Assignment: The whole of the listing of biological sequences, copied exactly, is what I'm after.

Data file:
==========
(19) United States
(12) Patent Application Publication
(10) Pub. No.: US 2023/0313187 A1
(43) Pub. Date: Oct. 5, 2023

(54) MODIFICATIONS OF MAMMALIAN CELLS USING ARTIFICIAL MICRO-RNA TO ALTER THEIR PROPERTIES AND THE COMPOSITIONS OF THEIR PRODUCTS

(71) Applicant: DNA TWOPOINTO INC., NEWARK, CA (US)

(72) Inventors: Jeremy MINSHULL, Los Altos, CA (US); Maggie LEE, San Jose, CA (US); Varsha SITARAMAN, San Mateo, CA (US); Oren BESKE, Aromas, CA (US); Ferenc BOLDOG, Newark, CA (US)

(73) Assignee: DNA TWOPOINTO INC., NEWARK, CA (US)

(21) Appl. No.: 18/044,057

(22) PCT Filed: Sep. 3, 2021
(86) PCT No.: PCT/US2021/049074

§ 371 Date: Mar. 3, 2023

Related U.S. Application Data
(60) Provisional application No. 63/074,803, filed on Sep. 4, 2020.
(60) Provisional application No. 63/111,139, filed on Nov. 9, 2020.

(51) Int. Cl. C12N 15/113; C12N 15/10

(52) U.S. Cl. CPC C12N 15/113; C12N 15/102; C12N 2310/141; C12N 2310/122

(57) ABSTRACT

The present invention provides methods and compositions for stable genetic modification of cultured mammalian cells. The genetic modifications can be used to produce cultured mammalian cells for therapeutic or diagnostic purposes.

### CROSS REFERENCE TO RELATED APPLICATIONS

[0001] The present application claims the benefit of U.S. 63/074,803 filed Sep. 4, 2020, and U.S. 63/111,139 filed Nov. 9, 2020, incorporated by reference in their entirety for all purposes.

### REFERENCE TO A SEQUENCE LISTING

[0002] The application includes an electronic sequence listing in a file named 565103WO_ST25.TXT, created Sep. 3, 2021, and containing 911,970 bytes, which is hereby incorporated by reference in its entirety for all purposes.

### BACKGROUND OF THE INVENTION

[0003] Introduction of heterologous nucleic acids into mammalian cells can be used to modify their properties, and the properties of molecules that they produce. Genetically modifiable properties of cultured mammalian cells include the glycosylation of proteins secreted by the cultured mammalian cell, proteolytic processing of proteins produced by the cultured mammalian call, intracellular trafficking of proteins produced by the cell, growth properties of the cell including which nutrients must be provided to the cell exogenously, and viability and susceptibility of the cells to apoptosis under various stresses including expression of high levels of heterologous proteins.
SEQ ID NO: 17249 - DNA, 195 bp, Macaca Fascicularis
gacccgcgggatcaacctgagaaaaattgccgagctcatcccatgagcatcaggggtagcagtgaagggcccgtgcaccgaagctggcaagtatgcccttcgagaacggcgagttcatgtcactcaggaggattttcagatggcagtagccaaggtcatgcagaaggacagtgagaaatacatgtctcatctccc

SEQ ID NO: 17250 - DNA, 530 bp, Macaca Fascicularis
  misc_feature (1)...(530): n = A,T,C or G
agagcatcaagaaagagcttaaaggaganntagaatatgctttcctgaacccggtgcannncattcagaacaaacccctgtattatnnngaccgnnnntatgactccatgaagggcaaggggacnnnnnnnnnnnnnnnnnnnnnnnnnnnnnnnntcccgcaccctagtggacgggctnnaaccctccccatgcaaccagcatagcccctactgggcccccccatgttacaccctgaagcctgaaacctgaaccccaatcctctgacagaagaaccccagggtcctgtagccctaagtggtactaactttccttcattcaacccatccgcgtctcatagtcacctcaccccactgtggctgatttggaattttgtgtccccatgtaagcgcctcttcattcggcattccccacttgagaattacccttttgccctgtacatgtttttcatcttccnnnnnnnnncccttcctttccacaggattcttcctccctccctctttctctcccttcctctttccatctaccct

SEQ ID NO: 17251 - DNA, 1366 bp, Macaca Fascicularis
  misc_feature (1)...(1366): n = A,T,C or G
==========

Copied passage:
(19) United States
(12) Patent Application Publication
(10) Pub. No.: US 2023/0313187 A1
(43) Pub. Date: Oct. 5, 2023

(54) MODIFICATIONS OF MAMMALIAN CELLS USING ARTIFICIAL MICRO-RNA TO ALTER THEIR PROPERTIES AND THE COMPOSITIONS OF THEIR PRODUCTS

(71) Applicant: DNA TWOPOINTO INC., NEWARK, CA (US)

(72) Inventors: Jeremy MINSHULL, Los Altos, CA (US); Maggie LEE, San Jose, CA (US); Varsha SITARAMAN, San Mateo, CA (US); Oren BESKE, Aromas, CA (US); Ferenc BOLDOG, Newark, CA (US)

(73) Assignee: DNA TWOPOINTO INC., NEWARK, CA (US)

(21) Appl. No.: 18/044,057

(22) PCT Filed: Sep. 3, 2021
(86) PCT No.: PCT/US2021/049074

§ 371 Date: Mar. 3, 2023

Related U.S. Application Data
(60) Provisional application No. 63/074,803, filed on Sep. 4, 2020.
(60) Provisional application No. 63/111,139, filed on Nov. 9, 2020.

(51) Int. Cl. C12N 15/113; C12N 15/10

(52) U.S. Cl. CPC C12N 15/113; C12N 15/102; C12N 2310/141; C12N 2310/122

(57) ABSTRACT

The present invention provides methods and compositions for stable genetic modification of cultured mammalian cells. The genetic modifications can be used to produce cultured mammalian cells for therapeutic or diagnostic purposes.

### CROSS REFERENCE TO RELATED APPLICATIONS

[0001] The present application claims the benefit of U.S. 63/074,803 filed Sep. 4, 2020, and U.S. 63/111,139 filed Nov. 9, 2020, incorporated by reference in their entirety for all purposes.

### REFERENCE TO A SEQUENCE LISTING

[0002] The application includes an electronic sequence listing in a file named 565103WO_ST25.TXT, created Sep. 3, 2021, and containing 911,970 bytes, which is hereby incorporated by reference in its entirety for all purposes.

### BACKGROUND OF THE INVENTION

[0003] Introduction of heterologous nucleic acids into mammalian cells can be used to modify their properties, and the properties of molecules that they produce. Genetically modifiable properties of cultured mammalian cells include the glycosylation of proteins secreted by the cultured mammalian cell, proteolytic processing of proteins produced by the cultured mammalian call, intracellular trafficking of proteins produced by the cell, growth properties of the cell including which nutrients must be provided to the cell exogenously, and viability and susceptibility of the cells to apoptosis under various stresses including expression of high levels of heterologous proteins.
SEQ ID NO: 17249 - DNA, 195 bp, Macaca Fascicularis
gacccgcgggatcaacctgagaaaaattgccgagctcatcccatgagcatcaggggtagcagtgaagggcccgtgcaccgaagctggcaagtatgcccttcgagaacggcgagttcatgtcactcaggaggattttcagatggcagtagccaaggtcatgcagaaggacagtgagaaatacatgtctcatctccc

SEQ ID NO: 17250 - DNA, 530 bp, Macaca Fascicularis
  misc_feature (1)...(530): n = A,T,C or G
agagcatcaagaaagagcttaaaggaganntagaatatgctttcctgaacccggtgcannncattcagaacaaacccctgtattatnnngaccgnnnntatgactccatgaagggcaaggggacnnnnnnnnnnnnnnnnnnnnnnnnnnnnnnnntcccgcaccctagtggacgggctnnaaccctccccatgcaaccagcatagcccctactgggcccccccatgttacaccctgaagcctgaaacctgaaccccaatcctctgacagaagaaccccagggtcctgtagccctaagtggtactaactttccttcattcaacccatccgcgtctcatagtcacctcaccccactgtggctgatttggaattttgtgtccccatgtaagcgcctcttcattcggcattccccacttgagaattacccttttgccctgtacatgtttttcatcttccnnnnnnnnncccttcctttccacaggattcttcctccctccctctttctctcccttcctctttccatctaccct

SEQ ID NO: 17251 - DNA, 1366 bp, Macaca Fascicularis
  misc_feature (1)...(1366): n = A,T,C or G